Stewart Baker’s accusations (See SDN’s story: Are privacy groups making Americans less safe?) that civil libertarian groups prevented government agencies from implementing adequate screening technology are neither accurate nor does it hold the Department of Homeland Security and other agencies accountable.
Since September 11, the federal government has taken several massive measures in the interest of aviation security. Steps taken by the federal government, including the establishment of the Transportation Security Administration, have been no easy task. There is no doubt that we are better served by aviation security measures today than prior to 9/11. Some of these measures, however, can seem to erode privacy and civil liberties, and civil libertarian groups have the Constitutional right to speak against these measures. Mr. Baker should remember when he was first appointed Assistant Secretary for Policy at the Department of Homeland Security, though, the agency did not have a required mechanism to determine whether or not proposed technologies impacted privacy and civil liberties. Henceforth, civil libertarian groups were left to evaluate and protest these practices from afar.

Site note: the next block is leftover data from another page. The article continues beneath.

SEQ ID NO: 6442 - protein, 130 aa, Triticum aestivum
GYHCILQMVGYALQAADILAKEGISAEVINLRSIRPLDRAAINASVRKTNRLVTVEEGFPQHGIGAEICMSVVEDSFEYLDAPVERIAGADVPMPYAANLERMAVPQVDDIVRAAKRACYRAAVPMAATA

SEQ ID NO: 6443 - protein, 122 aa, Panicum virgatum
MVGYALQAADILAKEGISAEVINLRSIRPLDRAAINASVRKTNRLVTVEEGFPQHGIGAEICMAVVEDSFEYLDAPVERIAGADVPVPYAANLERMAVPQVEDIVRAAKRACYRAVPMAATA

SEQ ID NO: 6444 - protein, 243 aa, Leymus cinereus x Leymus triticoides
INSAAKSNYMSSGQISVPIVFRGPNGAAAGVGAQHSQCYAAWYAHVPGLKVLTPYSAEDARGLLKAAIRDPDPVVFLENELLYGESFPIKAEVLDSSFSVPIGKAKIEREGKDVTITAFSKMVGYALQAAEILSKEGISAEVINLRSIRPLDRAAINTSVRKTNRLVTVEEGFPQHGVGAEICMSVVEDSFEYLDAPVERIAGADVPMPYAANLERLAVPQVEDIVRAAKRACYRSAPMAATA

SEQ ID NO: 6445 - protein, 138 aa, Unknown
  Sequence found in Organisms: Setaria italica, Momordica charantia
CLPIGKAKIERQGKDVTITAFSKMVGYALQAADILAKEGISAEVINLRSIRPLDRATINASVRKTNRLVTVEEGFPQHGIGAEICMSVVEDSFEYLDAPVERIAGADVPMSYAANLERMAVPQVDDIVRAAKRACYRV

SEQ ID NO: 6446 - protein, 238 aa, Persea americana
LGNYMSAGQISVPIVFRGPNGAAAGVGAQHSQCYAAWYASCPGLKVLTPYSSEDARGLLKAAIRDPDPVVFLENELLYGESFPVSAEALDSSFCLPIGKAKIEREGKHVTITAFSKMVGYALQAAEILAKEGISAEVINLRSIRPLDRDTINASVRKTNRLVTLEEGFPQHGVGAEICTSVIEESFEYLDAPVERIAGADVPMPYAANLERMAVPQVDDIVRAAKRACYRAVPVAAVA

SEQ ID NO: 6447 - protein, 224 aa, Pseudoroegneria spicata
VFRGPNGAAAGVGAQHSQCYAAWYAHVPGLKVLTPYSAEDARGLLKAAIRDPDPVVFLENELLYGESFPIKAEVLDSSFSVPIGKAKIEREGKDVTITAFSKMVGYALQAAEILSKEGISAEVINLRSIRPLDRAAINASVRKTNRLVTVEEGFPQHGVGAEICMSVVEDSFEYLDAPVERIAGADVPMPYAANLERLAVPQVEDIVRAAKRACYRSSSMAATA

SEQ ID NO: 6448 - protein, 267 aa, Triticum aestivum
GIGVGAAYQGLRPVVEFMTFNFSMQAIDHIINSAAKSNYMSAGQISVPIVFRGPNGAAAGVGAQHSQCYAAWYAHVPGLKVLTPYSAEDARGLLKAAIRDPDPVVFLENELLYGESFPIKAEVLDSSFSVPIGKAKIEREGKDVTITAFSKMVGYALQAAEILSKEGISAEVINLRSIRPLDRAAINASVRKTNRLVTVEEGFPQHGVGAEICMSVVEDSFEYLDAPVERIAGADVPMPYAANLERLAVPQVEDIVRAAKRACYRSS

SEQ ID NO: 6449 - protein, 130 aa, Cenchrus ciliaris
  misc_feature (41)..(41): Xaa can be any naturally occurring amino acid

The Chairman is right that the privacy lobby has a constitutional right to say what it likes. So do I. In particular, I can hold them for responsible for what their advocacy has achieved, including some very real harms to our security.
Where I don’t agree with the Chairman is the notion that the privacy community was somehow driven to irresponsibility by DHS’s lack of “a required mechanism to determine whether or not proposed technologies impacted privacy and civil liberties.” While I served there, DHS was the only cabinet department with both a legislatively mandated privacy officer and a legislatively mandated civil rights and civil liberties officer. But that didn’t make the privacy lobby more responsible in dealing with DHS. If anything, it made the lobby more aggressive. Maybe they scented weakness. Indeed, legislative mandates creating special-purpose advocacy offices and requiring DHS to consider only one side of the privacy-security balance are likely to end in the Department giving too much weight to that side of the scale, at a cost in security that none of us wants to pay.